Spain: Second estimate revises up Q2 GDP reading but collapse remains unprecedented
September 23, 2020
A second GDP estimate released by the National Statistics Institute on 23 September showed that economic activity was decimated in the second quarter due to the Covid-19 outbreak and lockdown measures imposed to contain its spread. GDP plummeted 17.8% in quarter-on-quarter seasonally-adjusted terms in Q2, revised up from the 18.5% plunge reported in the preliminary release but nonetheless marking an unprecedented collapse (Q1: -5.2% qoqsa). In annual terms, economic activity shrank 21.5%, also slightly revised upwards from the 22.1% downturn recorded in the flash estimate (Q1: -4.2% yoy).
Both domestic and foreign demand were obliterated in the quarter. Household spending tanked a historic 20.4% on a quarterly basis (Q1: -6.8% qoqsa) as confinement measures shut down consumption. Moreover, fixed investment crashed 22.1% quarter-on-quarter on nosediving residential and machinery and equipment investment (Q1: -4.8% qoqsa). Meanwhile, public spending lost considerable stride, growing a meager 0.3% from the previous quarter (Q1: +1.3% qoqsa).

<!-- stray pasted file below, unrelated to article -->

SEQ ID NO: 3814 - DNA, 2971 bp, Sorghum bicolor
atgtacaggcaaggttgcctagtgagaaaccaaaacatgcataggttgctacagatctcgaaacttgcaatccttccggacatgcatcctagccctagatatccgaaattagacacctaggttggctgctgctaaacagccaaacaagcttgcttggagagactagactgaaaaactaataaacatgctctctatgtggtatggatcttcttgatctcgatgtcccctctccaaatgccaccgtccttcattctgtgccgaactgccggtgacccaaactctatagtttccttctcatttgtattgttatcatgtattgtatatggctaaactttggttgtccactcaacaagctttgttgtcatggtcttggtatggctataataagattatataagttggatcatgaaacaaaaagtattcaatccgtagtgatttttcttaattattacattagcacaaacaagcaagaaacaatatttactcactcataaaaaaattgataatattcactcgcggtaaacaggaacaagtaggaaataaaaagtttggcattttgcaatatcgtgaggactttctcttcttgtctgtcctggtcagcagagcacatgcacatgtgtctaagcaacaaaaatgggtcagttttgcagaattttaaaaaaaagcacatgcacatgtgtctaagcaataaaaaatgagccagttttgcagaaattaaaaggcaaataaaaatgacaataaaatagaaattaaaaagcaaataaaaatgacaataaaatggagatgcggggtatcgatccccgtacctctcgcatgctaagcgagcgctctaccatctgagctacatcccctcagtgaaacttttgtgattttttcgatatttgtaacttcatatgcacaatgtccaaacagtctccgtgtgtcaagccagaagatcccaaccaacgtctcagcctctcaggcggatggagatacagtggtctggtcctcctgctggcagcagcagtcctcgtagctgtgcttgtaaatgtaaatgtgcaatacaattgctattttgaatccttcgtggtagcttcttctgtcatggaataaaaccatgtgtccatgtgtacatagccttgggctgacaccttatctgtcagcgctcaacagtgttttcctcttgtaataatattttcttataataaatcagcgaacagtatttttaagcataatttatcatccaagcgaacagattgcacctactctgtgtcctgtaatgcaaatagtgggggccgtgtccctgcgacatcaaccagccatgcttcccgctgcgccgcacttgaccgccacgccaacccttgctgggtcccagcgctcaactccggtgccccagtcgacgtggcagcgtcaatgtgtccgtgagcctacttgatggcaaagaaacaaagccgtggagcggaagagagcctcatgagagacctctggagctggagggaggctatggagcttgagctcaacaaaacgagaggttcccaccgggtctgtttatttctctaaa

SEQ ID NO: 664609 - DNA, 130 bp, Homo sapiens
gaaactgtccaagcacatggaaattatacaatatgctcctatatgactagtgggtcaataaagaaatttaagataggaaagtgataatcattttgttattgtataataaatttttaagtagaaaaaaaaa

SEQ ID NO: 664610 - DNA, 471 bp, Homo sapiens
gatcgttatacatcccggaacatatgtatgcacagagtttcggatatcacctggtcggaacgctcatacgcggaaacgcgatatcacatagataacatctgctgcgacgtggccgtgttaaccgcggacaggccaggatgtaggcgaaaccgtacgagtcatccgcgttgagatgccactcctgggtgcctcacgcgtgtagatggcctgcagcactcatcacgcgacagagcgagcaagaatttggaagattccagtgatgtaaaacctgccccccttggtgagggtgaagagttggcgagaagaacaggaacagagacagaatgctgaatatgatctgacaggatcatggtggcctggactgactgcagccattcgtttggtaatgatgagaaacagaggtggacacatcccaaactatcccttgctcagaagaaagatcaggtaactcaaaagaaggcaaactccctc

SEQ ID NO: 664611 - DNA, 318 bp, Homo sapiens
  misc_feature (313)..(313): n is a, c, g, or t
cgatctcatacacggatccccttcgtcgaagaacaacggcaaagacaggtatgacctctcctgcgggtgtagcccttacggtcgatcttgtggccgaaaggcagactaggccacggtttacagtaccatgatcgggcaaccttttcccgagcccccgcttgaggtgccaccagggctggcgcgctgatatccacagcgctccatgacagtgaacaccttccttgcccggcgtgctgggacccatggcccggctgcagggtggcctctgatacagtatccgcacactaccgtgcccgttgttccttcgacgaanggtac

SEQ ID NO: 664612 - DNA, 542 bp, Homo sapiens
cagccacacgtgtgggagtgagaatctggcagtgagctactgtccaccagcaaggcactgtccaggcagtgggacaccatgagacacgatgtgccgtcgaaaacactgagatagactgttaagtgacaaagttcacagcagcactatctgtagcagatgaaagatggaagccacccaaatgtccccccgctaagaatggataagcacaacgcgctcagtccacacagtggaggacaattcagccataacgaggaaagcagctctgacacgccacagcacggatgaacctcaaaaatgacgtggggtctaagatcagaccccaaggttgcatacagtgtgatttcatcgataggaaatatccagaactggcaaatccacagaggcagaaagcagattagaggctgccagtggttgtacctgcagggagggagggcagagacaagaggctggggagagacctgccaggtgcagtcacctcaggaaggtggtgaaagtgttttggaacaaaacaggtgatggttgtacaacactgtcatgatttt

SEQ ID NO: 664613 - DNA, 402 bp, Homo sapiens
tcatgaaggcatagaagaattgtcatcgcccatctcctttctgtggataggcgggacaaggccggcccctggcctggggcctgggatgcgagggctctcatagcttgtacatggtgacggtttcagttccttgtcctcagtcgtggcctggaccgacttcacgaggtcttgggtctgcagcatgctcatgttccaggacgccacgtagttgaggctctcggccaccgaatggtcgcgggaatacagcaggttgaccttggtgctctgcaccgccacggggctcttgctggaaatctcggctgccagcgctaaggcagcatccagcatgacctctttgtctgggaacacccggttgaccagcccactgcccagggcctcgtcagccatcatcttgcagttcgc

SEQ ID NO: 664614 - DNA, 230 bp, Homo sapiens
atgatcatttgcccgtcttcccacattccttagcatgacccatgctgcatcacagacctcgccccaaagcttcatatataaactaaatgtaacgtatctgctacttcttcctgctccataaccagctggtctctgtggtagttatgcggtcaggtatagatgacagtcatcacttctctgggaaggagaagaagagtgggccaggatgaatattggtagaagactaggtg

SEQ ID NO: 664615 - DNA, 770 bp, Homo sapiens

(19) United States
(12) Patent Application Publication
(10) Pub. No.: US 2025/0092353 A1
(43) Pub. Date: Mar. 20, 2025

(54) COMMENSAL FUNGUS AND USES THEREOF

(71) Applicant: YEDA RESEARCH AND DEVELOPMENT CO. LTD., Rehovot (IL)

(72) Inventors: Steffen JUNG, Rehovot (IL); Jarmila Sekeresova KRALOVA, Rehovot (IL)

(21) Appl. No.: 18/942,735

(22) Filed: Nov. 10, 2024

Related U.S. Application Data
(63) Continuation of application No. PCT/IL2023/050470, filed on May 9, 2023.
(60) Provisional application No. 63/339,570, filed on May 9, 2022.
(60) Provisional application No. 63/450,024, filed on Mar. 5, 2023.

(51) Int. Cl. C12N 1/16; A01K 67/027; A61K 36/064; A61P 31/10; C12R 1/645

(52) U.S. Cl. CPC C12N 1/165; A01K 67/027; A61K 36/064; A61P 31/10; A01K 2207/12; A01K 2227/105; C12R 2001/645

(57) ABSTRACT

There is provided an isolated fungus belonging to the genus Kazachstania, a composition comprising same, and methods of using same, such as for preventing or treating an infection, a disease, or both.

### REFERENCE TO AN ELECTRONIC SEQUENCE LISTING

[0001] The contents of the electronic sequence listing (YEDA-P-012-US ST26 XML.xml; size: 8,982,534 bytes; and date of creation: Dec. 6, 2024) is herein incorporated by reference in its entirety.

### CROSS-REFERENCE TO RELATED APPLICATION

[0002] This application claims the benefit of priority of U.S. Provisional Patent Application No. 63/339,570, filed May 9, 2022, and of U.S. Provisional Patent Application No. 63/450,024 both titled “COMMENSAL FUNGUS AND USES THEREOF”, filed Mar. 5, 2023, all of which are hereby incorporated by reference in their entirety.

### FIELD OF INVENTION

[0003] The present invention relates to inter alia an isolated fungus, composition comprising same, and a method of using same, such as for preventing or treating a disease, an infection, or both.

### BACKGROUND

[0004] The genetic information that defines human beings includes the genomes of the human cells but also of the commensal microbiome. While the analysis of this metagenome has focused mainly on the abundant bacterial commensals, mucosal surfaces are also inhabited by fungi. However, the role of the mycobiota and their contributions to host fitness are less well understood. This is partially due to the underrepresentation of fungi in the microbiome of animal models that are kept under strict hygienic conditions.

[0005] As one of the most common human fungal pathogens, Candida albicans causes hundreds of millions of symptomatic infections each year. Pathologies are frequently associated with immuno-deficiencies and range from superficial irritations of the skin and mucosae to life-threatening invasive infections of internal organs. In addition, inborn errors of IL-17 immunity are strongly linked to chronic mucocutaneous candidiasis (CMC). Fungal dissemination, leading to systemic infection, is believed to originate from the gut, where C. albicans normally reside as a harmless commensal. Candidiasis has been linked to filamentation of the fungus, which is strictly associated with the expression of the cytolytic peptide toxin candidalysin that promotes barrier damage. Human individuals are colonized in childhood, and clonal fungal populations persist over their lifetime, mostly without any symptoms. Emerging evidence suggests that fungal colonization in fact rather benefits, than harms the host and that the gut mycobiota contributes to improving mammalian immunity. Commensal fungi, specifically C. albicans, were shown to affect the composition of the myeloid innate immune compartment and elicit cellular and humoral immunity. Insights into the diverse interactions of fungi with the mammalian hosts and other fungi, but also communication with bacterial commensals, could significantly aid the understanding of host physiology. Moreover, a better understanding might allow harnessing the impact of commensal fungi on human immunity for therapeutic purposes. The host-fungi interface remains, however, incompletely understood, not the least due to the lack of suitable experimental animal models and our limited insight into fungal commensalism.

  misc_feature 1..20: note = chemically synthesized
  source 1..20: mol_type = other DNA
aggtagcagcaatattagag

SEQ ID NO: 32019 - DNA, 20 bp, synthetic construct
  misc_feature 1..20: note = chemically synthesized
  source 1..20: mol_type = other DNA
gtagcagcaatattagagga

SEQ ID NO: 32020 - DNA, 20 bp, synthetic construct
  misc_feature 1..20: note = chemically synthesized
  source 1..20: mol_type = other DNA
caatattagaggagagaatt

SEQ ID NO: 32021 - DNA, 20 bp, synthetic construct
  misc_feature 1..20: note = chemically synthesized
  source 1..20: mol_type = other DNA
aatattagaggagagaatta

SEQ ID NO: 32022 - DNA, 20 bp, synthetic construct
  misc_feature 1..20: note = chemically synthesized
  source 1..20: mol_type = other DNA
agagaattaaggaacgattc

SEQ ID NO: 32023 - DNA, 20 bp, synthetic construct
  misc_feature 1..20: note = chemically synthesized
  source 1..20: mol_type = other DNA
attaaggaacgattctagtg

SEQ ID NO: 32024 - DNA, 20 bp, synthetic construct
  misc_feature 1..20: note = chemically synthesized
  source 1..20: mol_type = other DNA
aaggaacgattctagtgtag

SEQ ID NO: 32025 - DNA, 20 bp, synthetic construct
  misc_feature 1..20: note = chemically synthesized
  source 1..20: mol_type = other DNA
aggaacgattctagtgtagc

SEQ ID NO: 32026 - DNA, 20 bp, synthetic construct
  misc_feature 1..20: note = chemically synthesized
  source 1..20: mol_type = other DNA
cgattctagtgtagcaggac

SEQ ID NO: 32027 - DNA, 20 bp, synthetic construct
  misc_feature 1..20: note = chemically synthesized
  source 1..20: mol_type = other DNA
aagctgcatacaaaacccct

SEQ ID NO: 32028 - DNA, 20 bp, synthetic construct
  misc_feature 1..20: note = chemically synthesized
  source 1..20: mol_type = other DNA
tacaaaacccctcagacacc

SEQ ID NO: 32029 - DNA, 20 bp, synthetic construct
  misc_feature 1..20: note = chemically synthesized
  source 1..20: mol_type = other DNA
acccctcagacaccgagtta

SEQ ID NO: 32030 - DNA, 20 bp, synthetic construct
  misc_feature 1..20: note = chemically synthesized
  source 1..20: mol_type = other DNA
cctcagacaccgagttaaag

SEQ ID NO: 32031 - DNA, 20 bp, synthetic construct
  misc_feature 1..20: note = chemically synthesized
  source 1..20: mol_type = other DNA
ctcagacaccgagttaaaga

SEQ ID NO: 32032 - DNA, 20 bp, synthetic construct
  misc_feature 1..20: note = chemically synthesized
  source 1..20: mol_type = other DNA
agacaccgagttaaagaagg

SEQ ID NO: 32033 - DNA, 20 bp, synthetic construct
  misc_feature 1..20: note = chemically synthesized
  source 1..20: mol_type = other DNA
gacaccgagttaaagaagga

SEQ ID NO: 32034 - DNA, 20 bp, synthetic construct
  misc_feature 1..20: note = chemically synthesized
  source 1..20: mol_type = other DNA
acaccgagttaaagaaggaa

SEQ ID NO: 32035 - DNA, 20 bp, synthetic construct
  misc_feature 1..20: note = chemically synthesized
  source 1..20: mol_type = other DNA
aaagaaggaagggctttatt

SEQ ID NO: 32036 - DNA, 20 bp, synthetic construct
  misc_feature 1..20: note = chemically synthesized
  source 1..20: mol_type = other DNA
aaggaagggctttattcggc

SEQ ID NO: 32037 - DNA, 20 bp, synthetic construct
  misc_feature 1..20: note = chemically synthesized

On the external front, data was also dire. Exports crumbled 33.4% on a quarterly basis (Q1: -7.4% qoqsa) as the vital tourism industry reeled amid widespread travel restrictions. Similarly, imports tumbled 29.5% quarter-on-quarter on depressed domestic demand (Q1: -5.8% qoqsa).
Commenting on what lies ahead for the economy, Alvise Lennkh and Giacomo Barisone, analysts at Scope Ratings, noted:
“Spain now faces a very gradual, sector-specific and highly uncertain recovery. However, the positive effect of the resumption of economic activity is somewhat offset by the advice of some governments not to travel to Spain this summer, which will result in important losses to the tourism sector. Balancing these effects, and mindful of the high uncertainty around the economic outlook, Scope expects for 2020 a moderate recovery in Q3 and Q4, resulting in an overall 2020 GDP decline of about 12.5%.”
Author: Javier Colato, Economist